Faith in Maine

My favorite selection in a particular book was written by Robert P. Tristram Coffin. So good were his words that I did not want to come to the end of them. His subject was “Cathedrals of the North,” a celebration of the Maine barn and the “worship” that is performed therein. He speaks of the fullness of summer being brought into the barn and stored against the leanness of winter. It is fed there to the patient beasts under the farmer’s care.

 

Here the farmer is in the place of God and stands for Him. Spiritual winter is the only time a human has deeply to experience his constant dependence upon God. For all a human has is given to him. Even the ability to work is given. In the spiritual summer this is only dimly perceived. The cow grazes peacefully, contentedly, upon the hill and perhaps does not remember the farmer’s labor for her. But in winter she sees him fork down the hay and shovel out the grain for her. Then is her worship more heartfelt and sure. The farmer is more present than ever.

“Going out to this cathedral of our green religion….When a man goes out to feed his stock by starlight…And when he gets to his barn and feels the worship in the eyes of the beasts he feeds, he is bound to feel he had deity in him….Milking a cow is as fine a poem as man has ever had his hands on….”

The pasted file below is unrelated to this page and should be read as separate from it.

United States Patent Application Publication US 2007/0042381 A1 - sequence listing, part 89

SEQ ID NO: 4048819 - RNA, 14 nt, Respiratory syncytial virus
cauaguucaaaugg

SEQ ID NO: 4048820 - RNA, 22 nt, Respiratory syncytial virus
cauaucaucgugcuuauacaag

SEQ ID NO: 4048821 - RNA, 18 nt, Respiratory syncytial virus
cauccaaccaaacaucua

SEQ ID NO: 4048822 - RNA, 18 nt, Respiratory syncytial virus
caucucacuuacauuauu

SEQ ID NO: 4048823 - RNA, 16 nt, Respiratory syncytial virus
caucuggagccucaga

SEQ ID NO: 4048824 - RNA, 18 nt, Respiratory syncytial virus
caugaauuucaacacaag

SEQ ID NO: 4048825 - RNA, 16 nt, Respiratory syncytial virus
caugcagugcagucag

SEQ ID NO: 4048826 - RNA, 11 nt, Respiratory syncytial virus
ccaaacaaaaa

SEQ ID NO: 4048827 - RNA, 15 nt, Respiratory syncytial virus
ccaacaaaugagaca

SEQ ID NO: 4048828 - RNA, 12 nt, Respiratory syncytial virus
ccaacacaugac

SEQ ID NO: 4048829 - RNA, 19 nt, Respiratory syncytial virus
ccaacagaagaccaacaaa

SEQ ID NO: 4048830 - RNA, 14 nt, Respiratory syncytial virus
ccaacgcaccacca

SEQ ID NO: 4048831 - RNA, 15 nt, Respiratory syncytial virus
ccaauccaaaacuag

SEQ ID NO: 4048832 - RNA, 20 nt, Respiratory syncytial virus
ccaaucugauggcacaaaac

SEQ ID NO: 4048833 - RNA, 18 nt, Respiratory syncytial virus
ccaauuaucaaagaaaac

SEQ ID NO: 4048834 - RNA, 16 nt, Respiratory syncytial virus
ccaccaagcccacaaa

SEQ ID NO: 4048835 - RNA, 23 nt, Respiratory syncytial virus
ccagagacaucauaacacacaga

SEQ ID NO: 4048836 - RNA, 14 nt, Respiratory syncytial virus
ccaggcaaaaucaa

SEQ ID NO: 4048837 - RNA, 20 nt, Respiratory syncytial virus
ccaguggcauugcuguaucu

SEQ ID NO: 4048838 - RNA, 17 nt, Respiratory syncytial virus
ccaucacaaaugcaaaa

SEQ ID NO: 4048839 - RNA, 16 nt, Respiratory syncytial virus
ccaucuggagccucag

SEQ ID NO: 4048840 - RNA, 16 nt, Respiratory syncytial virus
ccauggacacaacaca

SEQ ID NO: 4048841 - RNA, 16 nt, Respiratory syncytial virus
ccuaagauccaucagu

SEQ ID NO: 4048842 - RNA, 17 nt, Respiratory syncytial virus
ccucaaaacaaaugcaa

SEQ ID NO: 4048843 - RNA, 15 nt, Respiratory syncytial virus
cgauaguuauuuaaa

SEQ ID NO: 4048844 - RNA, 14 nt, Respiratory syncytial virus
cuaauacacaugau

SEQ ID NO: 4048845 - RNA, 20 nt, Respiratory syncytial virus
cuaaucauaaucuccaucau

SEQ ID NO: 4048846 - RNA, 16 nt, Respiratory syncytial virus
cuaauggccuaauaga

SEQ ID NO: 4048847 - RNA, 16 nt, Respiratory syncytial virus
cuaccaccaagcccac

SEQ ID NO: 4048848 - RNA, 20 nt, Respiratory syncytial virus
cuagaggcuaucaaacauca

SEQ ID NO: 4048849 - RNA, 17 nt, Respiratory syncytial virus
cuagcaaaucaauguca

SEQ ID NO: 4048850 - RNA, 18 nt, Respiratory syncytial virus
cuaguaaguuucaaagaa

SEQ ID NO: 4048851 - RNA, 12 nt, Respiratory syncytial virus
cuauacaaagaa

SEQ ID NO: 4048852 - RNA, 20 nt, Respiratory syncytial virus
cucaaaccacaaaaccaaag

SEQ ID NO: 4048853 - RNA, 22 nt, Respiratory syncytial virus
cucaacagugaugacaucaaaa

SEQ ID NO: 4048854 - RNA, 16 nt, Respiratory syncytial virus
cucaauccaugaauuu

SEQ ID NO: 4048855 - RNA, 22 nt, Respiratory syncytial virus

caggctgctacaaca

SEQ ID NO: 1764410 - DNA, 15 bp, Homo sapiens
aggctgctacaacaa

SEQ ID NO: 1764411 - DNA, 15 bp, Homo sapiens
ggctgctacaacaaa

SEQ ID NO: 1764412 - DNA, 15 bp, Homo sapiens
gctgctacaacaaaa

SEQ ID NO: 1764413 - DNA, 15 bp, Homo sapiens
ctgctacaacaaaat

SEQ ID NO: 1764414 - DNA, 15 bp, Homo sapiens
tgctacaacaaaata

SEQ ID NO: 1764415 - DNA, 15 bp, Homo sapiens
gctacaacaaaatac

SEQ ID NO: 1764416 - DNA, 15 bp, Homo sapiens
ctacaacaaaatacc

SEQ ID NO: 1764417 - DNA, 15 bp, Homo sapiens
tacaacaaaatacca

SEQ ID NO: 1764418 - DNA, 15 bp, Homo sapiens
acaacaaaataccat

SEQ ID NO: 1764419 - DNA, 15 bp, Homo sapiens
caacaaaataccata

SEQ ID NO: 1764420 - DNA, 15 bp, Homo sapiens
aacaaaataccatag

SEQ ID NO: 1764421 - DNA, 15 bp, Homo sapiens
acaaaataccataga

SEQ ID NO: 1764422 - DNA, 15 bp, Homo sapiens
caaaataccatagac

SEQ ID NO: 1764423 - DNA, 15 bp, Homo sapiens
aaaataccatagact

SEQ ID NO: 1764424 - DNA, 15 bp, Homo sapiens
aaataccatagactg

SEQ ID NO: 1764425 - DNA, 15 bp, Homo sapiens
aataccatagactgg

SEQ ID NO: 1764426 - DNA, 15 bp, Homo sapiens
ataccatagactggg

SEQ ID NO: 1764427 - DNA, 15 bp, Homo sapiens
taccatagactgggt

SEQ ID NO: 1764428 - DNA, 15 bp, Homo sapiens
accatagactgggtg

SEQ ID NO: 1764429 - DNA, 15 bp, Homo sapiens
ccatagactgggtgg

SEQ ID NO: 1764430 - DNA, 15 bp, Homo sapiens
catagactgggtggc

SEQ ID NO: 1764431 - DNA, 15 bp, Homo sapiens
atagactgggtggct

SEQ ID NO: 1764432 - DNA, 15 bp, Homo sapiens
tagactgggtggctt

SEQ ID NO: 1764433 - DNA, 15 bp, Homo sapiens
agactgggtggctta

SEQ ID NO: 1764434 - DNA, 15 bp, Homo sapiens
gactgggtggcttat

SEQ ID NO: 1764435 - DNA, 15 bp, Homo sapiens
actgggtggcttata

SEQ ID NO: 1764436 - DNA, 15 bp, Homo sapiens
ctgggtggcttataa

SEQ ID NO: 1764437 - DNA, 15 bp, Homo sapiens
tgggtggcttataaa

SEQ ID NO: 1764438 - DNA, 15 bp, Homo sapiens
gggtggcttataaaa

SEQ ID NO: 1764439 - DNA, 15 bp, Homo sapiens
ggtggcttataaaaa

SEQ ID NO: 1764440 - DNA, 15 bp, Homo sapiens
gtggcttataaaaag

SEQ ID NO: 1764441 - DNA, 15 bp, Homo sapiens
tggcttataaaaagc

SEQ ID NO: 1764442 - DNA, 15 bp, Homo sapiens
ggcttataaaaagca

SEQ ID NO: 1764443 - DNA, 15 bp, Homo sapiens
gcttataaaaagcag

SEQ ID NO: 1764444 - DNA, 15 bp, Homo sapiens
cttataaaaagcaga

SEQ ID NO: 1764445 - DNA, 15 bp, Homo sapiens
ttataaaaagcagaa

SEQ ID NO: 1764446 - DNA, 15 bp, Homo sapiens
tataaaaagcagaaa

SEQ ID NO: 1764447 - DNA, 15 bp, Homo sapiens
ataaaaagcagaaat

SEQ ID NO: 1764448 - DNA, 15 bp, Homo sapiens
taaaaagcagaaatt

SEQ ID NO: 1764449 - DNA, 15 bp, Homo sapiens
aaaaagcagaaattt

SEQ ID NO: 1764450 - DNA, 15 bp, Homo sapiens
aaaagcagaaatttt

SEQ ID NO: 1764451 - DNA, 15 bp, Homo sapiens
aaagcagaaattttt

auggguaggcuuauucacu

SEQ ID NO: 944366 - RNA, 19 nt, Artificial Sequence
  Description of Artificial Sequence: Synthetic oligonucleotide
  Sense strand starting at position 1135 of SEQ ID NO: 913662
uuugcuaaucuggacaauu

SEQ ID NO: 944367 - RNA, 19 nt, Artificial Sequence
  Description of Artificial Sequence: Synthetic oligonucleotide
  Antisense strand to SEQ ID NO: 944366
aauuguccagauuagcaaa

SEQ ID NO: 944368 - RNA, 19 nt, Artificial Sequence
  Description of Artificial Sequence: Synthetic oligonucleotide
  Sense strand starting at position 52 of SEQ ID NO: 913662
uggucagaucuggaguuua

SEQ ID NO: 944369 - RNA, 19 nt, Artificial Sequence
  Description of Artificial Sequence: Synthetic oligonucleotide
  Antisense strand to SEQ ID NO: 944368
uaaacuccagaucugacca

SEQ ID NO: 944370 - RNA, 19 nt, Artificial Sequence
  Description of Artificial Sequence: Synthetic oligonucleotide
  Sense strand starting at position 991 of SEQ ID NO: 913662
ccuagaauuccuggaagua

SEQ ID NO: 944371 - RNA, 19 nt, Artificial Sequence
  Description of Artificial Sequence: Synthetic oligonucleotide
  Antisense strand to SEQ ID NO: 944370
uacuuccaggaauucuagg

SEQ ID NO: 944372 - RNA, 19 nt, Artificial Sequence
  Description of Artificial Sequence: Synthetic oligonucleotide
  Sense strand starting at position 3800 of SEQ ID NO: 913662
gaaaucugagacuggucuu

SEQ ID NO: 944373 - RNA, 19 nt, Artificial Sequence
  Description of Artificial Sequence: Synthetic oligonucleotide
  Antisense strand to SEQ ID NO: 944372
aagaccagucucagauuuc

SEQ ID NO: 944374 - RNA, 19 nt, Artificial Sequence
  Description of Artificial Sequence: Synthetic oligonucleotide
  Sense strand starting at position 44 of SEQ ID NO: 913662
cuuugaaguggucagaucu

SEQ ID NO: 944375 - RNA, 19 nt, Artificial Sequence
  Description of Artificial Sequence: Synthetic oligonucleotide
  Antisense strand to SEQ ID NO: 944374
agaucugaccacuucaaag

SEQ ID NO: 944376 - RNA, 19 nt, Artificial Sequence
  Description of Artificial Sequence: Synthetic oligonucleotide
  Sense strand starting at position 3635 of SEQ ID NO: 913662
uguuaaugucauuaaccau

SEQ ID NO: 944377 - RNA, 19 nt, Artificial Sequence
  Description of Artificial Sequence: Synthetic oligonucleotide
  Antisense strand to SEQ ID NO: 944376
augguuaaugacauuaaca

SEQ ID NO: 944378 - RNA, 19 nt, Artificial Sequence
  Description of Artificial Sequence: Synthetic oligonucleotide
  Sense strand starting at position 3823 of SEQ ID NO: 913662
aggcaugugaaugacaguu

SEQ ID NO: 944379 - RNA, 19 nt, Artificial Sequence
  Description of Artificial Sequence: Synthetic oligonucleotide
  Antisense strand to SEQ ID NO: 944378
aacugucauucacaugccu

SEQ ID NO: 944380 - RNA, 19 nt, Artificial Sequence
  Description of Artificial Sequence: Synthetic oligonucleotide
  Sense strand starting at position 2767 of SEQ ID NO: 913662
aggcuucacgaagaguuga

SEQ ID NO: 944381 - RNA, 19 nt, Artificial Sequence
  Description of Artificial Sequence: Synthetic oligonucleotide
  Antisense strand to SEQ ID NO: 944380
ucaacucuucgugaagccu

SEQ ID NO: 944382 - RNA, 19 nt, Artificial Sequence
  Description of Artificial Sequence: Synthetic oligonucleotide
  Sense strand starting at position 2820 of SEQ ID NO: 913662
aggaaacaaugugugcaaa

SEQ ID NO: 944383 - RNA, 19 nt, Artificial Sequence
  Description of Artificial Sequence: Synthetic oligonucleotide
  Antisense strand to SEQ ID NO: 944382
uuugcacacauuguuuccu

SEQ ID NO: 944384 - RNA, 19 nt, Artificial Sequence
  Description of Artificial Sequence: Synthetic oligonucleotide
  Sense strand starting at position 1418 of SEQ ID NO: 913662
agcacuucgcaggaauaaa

the farmer’s grain

 

Coffin wrote a poem, “The Gracious and the Gentle Thing,” which describes how three cows left off their enjoyment in mown clover to receive the farmer’s caress.

Yet when I patted each young lady’s sleekness,

Each young lady’s lips grew bland and still,

She left the hay that sweetened the whole evening

And beamed on me with eyes deep with good will.

She kissed my hand where it lay on the fence-rail

And breathed her sweetness in my smiling face:

She left her supper, turned her slender beauty

Instantly to practice of good grace.

Gratitude plays a major part in this place of worship. The cow leaves off enjoying the blessing of hay to enjoy the blessing of the farmer’s company. And this response is singularly pleasing to him. This is northern worship, Maine worship at its best.

the farmer’s cattle

 

The quotations here are from MAINE: A LITERARY CHRONICLE (1968). It’s full of selections pertaining to historical succession.

P.S. that grain pictured above? It may be for human consumption. The kind one can drink, blessed.

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